Engineering/Construction Trends

As construction projects become bigger and harder to fund, market challenges mean many insurers are exiting the engineering sector. Regulatory scrutiny and socio-political uncertainties threaten investments and project delays impinge on contractors’ expenditures. Add to the mix the strain of new technologies and growing cyber threats, and it’s tempting to sound “retreat”. But there are rewards for staying the course, explains Chris van Gend.
Chris van Gend
Many insurers are exiting the construction sector or scaling back their offerings. The past year saw many losses from fires, mechanical failures and natural catastrophes, including the Hidroituango dam collapse in Colombia which is estimated to be more than $1.2bn1 and which may prove to be the largest construction loss in history. The sector’s problems are years in the making: growing portfolio volatility; years of declining rates; and widening coverages. Construction is a long-tail business. Today’s premium is from projects written several years ago.
Construction projects are far more global than in the past, as sizeable infrastructure projects are moving more to international companies. Equipment is being sourced internationally and  construction site risk management is improving – a positive development from both a cost perspective and from the standpoint of a continuous process improvement, knowledge-sharing strategy among contractors. But there are downsides: contractors operating in new territories must comply with new regulatory environments, building codes, etc. which can lead to delays, pressuring schedules and creating overruns. Political uncertainties can result in project delays and even cancellations. Projects will doubtless continue, since developing countries need continuing infrastructure investment and developed countries need to replace aging infrastructure. Uncertainty is the enemy of investment, however, so we’d like to see a more stable socio-political environment.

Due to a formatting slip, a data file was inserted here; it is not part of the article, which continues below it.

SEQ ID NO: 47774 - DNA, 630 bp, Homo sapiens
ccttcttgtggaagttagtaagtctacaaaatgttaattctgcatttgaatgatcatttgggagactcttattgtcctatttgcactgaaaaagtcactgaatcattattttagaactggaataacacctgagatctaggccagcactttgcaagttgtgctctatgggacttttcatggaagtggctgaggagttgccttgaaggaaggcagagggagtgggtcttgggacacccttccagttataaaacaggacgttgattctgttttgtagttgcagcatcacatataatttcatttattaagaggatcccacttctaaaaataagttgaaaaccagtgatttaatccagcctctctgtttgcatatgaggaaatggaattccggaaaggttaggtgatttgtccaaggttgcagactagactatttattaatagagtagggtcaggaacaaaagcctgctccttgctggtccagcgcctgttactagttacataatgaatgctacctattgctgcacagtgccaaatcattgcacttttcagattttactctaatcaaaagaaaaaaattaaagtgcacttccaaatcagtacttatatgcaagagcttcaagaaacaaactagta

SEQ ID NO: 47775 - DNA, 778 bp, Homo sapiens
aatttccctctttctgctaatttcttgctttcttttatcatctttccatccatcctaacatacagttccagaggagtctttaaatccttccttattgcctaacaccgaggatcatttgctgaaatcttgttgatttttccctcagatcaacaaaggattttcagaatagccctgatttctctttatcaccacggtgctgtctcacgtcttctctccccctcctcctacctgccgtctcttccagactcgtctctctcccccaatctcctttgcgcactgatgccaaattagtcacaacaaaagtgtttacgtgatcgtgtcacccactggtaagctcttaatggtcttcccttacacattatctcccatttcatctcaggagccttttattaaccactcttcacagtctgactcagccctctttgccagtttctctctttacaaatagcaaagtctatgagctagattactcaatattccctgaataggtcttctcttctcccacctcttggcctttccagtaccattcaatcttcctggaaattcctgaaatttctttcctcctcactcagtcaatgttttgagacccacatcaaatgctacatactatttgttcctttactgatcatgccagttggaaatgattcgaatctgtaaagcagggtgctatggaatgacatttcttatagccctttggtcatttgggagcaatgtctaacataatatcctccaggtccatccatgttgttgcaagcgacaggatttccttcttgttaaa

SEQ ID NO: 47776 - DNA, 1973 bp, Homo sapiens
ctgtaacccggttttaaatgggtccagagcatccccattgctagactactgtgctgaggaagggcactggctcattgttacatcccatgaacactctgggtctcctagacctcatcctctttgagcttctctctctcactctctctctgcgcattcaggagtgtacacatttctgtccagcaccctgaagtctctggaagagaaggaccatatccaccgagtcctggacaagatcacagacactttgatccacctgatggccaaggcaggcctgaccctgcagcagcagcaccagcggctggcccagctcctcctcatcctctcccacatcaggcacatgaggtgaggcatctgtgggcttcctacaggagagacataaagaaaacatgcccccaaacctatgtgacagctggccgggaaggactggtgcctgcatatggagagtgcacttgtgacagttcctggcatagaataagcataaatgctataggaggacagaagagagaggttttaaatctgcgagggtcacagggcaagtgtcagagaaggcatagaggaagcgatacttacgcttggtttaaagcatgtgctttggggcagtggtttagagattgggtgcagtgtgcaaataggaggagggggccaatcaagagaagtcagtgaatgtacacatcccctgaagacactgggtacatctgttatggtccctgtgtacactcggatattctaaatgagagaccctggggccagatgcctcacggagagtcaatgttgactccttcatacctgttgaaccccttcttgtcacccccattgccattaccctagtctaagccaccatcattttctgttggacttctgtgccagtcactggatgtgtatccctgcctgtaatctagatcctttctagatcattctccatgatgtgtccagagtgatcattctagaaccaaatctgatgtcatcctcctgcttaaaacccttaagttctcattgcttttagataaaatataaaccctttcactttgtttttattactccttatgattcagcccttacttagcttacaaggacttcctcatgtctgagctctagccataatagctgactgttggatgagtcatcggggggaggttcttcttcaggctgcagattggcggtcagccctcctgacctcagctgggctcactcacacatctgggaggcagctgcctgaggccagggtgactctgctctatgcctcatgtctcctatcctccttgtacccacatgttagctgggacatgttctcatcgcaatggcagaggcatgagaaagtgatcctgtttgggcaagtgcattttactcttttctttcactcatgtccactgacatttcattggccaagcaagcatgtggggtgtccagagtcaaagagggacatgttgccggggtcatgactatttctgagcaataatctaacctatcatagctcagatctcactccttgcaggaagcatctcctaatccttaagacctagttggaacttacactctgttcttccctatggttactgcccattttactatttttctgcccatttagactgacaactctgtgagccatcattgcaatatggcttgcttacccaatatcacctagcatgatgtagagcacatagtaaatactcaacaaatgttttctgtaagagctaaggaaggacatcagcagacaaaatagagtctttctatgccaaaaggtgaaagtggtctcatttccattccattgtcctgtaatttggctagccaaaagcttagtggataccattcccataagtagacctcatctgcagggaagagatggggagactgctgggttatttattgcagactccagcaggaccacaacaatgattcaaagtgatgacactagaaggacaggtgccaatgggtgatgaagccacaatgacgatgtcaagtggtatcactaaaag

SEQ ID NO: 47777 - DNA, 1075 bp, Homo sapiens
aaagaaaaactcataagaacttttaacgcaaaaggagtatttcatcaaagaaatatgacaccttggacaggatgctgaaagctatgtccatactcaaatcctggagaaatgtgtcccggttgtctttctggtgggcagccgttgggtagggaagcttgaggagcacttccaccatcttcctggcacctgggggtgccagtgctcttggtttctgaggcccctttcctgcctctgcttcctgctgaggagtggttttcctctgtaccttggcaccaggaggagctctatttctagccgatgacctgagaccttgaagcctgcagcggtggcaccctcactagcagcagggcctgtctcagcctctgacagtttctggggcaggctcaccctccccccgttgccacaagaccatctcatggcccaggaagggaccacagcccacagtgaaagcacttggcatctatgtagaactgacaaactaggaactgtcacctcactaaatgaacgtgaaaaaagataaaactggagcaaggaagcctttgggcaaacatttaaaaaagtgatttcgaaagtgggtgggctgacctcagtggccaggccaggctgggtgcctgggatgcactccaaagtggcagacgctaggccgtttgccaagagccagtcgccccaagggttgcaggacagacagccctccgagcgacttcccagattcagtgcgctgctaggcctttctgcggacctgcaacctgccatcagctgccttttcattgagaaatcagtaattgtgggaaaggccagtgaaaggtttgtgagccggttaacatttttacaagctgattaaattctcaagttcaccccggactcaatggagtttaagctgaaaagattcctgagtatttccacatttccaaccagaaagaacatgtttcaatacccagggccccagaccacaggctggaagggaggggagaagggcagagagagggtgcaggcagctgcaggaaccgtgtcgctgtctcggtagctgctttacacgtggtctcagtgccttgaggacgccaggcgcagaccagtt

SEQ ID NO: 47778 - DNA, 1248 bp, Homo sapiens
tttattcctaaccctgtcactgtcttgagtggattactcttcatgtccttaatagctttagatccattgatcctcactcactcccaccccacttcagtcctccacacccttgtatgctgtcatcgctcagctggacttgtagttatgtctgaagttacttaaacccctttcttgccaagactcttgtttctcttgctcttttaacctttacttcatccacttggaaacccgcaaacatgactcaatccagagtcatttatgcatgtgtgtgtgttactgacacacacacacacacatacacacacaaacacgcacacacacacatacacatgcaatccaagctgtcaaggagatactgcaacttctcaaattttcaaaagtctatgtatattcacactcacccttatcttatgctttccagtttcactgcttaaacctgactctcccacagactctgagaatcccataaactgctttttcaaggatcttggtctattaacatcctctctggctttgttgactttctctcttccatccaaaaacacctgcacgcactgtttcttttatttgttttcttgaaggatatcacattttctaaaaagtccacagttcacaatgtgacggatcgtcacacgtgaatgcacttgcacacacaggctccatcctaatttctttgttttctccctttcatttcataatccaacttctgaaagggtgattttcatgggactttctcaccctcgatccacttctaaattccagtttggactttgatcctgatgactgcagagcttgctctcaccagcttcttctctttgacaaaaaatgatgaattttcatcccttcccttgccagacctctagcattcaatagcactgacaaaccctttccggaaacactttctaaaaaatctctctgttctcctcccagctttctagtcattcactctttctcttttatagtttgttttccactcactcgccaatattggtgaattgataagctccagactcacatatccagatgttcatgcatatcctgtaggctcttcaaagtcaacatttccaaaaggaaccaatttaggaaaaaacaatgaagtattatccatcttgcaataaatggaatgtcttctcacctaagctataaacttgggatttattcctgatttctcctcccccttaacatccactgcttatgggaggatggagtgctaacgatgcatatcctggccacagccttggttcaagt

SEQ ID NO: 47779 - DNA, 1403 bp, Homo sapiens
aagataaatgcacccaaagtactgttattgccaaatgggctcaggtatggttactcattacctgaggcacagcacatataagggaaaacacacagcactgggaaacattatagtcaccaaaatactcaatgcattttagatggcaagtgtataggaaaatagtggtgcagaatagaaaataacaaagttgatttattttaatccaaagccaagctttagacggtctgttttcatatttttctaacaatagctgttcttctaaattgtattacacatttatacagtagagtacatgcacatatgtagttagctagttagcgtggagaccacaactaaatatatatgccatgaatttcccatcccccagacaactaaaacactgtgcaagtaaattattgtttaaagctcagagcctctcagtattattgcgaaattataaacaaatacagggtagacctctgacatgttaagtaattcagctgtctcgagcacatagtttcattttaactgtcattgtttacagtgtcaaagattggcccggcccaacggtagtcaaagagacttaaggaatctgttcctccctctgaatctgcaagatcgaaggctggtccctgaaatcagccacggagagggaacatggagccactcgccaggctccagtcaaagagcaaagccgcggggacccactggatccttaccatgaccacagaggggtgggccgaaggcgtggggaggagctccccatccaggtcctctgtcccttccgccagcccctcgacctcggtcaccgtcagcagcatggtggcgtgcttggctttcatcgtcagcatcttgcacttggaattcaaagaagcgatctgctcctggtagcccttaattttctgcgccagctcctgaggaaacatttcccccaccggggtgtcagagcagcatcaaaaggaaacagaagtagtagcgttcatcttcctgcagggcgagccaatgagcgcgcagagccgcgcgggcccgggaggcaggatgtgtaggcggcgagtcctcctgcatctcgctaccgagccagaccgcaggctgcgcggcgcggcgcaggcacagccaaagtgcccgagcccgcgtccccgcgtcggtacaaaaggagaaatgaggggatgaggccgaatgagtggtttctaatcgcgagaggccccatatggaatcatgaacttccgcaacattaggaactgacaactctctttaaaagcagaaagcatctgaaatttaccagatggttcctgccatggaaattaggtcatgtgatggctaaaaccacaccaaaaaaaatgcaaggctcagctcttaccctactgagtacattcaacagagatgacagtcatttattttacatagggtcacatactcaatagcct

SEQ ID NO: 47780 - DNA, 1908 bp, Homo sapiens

Business interruption (BI), contingent BI, supply chain risks – each has had significant insurance coverage in property markets for years. Construction DSU insurance take-up has increased as customers see the need to protect completed project revenues – often driven by lenders – while, at the same time, coverages and the insured parties have broadened. BI losses can be substantial, but construction risks are volatile because there is greater uncertainty regarding rebuild-times and the project completion. DSU exposures are much more difficult to assess. Thankfully, DSU losses are rare, but they can be significant. In 2018, AGCS had enough DSU losses to erode several years of DSU premium. Engineering portfolios for many carriers are much smaller than property books, so these covers bring a level of portfolio volatility to support losses and, since projects are non-recurring, there’s no chance to recoup losses at renewal.
The construction sector is slow to adopt innovative technologies, but we’ve seen them start to gain traction. For example, building information modeling (BIM) – 3D model-based technology that allows for more efficient planning, design, construction and management – is replacing traditional 2D design methods and may change how projects are designed and delivered. But increased reliance on technology increases cyber threats – an exposure much less focused-on in this sector than in others. We help customers become aware of new technologies, but simultaneously educate them about new cyber threats and the importance of adding cyber risk management to their risk registers. Cyber awareness is key in today’s world and we offer a variety of coverages in the event of a cyber incident.
Read this article in Global Risk Dialogue. Appearing twice a year, Global Risk Dialogue is the Allianz Global Corporate & Specialty magazine with news and expert insights from the world of corporate risk.

SOURCES

1. Insurance Insider, Ituango Dam loss $1.2bn and rising. October 9, 2018

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